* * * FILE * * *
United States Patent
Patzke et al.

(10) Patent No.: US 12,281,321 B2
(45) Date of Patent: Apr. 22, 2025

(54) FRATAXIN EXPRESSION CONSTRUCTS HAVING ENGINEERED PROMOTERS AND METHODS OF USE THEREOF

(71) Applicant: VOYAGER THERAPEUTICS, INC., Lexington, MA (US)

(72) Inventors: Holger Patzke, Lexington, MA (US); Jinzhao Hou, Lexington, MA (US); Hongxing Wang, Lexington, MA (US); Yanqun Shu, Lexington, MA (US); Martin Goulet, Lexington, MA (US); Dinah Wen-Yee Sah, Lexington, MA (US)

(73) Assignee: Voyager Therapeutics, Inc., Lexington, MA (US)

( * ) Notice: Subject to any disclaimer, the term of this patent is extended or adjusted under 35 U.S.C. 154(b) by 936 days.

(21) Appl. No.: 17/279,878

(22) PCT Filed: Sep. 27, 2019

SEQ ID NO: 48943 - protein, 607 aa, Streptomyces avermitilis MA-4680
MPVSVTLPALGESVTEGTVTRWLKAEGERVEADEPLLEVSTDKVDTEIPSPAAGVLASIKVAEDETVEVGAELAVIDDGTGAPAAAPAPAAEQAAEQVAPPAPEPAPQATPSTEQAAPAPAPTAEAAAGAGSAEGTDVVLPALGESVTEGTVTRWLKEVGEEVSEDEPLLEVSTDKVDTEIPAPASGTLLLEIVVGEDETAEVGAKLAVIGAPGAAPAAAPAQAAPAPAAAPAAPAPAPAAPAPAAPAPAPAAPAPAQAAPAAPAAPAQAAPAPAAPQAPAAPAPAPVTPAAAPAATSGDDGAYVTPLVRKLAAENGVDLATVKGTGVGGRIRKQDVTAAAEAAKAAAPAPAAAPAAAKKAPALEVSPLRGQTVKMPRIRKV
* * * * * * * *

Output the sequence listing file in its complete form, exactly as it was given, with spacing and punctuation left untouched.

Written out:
United States Patent
Patzke et al.

(10) Patent No.: US 12,281,321 B2
(45) Date of Patent: Apr. 22, 2025

(54) FRATAXIN EXPRESSION CONSTRUCTS HAVING ENGINEERED PROMOTERS AND METHODS OF USE THEREOF

(71) Applicant: VOYAGER THERAPEUTICS, INC., Lexington, MA (US)

(72) Inventors: Holger Patzke, Lexington, MA (US); Jinzhao Hou, Lexington, MA (US); Hongxing Wang, Lexington, MA (US); Yanqun Shu, Lexington, MA (US); Martin Goulet, Lexington, MA (US); Dinah Wen-Yee Sah, Lexington, MA (US)

(73) Assignee: Voyager Therapeutics, Inc., Lexington, MA (US)

( * ) Notice: Subject to any disclaimer, the term of this patent is extended or adjusted under 35 U.S.C. 154(b) by 936 days.

(21) Appl. No.: 17/279,878

(22) PCT Filed: Sep. 27, 2019

SEQ ID NO: 48943 - protein, 607 aa, Streptomyces avermitilis MA-4680
MPVSVTLPALGESVTEGTVTRWLKAEGERVEADEPLLEVSTDKVDTEIPSPAAGVLASIKVAEDETVEVGAELAVIDDGTGAPAAAPAPAAEQAAEQVAPPAPEPAPQATPSTEQAAPAPAPTAEAAAGAGSAEGTDVVLPALGESVTEGTVTRWLKEVGEEVSEDEPLLEVSTDKVDTEIPAPASGTLLLEIVVGEDETAEVGAKLAVIGAPGAAPAAAPAQAAPAPAAAPAAPAPAPAAPAPAAPAPAPAAPAPAQAAPAAPAAPAQAAPAPAAPQAPAAPAPAPVTPAAAPAATSGDDGAYVTPLVRKLAAENGVDLATVKGTGVGGRIRKQDVTAAAEAAKAAAPAPAAAPAAAKKAPALEVSPLRGQTVKMPRIRKV